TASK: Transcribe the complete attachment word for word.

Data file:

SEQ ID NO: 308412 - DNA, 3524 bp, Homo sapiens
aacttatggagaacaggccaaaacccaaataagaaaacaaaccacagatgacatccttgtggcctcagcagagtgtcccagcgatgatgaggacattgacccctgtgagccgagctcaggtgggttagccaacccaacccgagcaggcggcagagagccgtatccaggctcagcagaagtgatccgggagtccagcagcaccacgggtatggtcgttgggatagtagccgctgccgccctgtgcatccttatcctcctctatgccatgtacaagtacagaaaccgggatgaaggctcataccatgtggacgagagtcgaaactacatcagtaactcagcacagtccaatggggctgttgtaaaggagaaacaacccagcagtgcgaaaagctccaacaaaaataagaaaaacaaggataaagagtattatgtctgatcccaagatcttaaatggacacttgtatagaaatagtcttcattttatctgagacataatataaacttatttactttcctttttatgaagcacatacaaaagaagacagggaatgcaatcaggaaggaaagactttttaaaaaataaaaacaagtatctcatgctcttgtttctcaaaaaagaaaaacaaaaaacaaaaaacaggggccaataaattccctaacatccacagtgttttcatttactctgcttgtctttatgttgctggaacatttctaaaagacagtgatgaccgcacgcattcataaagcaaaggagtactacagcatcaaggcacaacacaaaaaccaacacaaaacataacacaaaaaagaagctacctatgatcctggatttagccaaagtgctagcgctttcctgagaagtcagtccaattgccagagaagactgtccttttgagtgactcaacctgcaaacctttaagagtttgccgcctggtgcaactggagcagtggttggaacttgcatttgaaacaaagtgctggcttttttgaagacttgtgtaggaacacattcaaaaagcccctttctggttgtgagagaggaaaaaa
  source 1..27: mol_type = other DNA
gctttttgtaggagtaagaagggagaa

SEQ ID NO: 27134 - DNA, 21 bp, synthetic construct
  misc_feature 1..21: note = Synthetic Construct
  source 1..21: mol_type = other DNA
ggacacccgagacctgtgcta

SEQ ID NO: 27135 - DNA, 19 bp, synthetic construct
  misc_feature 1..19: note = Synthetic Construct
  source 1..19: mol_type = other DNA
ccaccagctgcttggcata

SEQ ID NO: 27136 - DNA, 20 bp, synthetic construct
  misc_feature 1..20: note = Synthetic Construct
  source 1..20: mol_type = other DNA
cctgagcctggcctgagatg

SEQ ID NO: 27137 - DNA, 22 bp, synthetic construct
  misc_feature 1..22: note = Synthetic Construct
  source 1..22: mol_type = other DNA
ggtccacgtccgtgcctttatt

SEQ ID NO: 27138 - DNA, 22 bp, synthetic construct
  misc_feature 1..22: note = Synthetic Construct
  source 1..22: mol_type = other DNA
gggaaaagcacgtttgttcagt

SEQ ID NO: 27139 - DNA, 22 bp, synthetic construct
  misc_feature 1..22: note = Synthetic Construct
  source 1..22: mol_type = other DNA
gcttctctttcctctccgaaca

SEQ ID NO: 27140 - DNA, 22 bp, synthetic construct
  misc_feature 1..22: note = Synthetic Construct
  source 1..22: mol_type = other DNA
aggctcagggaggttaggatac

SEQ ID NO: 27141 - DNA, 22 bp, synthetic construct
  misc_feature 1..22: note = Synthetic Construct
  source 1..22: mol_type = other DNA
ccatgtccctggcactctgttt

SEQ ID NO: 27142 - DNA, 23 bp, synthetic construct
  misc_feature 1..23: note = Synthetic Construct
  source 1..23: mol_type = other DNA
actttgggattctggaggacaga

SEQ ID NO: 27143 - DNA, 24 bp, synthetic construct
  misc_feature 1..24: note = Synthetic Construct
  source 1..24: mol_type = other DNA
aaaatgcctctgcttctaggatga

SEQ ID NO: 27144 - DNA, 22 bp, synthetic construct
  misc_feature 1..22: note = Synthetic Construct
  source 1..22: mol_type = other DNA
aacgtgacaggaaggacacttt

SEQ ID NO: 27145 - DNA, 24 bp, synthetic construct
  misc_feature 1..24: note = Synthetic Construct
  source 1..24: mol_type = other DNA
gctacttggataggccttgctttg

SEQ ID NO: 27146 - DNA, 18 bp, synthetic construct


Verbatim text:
SEQ ID NO: 308412 - DNA, 3524 bp, Homo sapiens
aacttatggagaacaggccaaaacccaaataagaaaacaaaccacagatgacatccttgtggcctcagcagagtgtcccagcgatgatgaggacattgacccctgtgagccgagctcaggtgggttagccaacccaacccgagcaggcggcagagagccgtatccaggctcagcagaagtgatccgggagtccagcagcaccacgggtatggtcgttgggatagtagccgctgccgccctgtgcatccttatcctcctctatgccatgtacaagtacagaaaccgggatgaaggctcataccatgtggacgagagtcgaaactacatcagtaactcagcacagtccaatggggctgttgtaaaggagaaacaacccagcagtgcgaaaagctccaacaaaaataagaaaaacaaggataaagagtattatgtctgatcccaagatcttaaatggacacttgtatagaaatagtcttcattttatctgagacataatataaacttatttactttcctttttatgaagcacatacaaaagaagacagggaatgcaatcaggaaggaaagactttttaaaaaataaaaacaagtatctcatgctcttgtttctcaaaaaagaaaaacaaaaaacaaaaaacaggggccaataaattccctaacatccacagtgttttcatttactctgcttgtctttatgttgctggaacatttctaaaagacagtgatgaccgcacgcattcataaagcaaaggagtactacagcatcaaggcacaacacaaaaaccaacacaaaacataacacaaaaaagaagctacctatgatcctggatttagccaaagtgctagcgctttcctgagaagtcagtccaattgccagagaagactgtccttttgagtgactcaacctgcaaacctttaagagtttgccgcctggtgcaactggagcagtggttggaacttgcatttgaaacaaagtgctggcttttttgaagacttgtgtaggaacacattcaaaaagcccctttctggttgtgagagaggaaaaaa
  source 1..27: mol_type = other DNA
gctttttgtaggagtaagaagggagaa

SEQ ID NO: 27134 - DNA, 21 bp, synthetic construct
  misc_feature 1..21: note = Synthetic Construct
  source 1..21: mol_type = other DNA
ggacacccgagacctgtgcta

SEQ ID NO: 27135 - DNA, 19 bp, synthetic construct
  misc_feature 1..19: note = Synthetic Construct
  source 1..19: mol_type = other DNA
ccaccagctgcttggcata

SEQ ID NO: 27136 - DNA, 20 bp, synthetic construct
  misc_feature 1..20: note = Synthetic Construct
  source 1..20: mol_type = other DNA
cctgagcctggcctgagatg

SEQ ID NO: 27137 - DNA, 22 bp, synthetic construct
  misc_feature 1..22: note = Synthetic Construct
  source 1..22: mol_type = other DNA
ggtccacgtccgtgcctttatt

SEQ ID NO: 27138 - DNA, 22 bp, synthetic construct
  misc_feature 1..22: note = Synthetic Construct
  source 1..22: mol_type = other DNA
gggaaaagcacgtttgttcagt

SEQ ID NO: 27139 - DNA, 22 bp, synthetic construct
  misc_feature 1..22: note = Synthetic Construct
  source 1..22: mol_type = other DNA
gcttctctttcctctccgaaca

SEQ ID NO: 27140 - DNA, 22 bp, synthetic construct
  misc_feature 1..22: note = Synthetic Construct
  source 1..22: mol_type = other DNA
aggctcagggaggttaggatac

SEQ ID NO: 27141 - DNA, 22 bp, synthetic construct
  misc_feature 1..22: note = Synthetic Construct
  source 1..22: mol_type = other DNA
ccatgtccctggcactctgttt

SEQ ID NO: 27142 - DNA, 23 bp, synthetic construct
  misc_feature 1..23: note = Synthetic Construct
  source 1..23: mol_type = other DNA
actttgggattctggaggacaga

SEQ ID NO: 27143 - DNA, 24 bp, synthetic construct
  misc_feature 1..24: note = Synthetic Construct
  source 1..24: mol_type = other DNA
aaaatgcctctgcttctaggatga

SEQ ID NO: 27144 - DNA, 22 bp, synthetic construct
  misc_feature 1..22: note = Synthetic Construct
  source 1..22: mol_type = other DNA
aacgtgacaggaaggacacttt

SEQ ID NO: 27145 - DNA, 24 bp, synthetic construct
  misc_feature 1..24: note = Synthetic Construct
  source 1..24: mol_type = other DNA
gctacttggataggccttgctttg

SEQ ID NO: 27146 - DNA, 18 bp, synthetic construct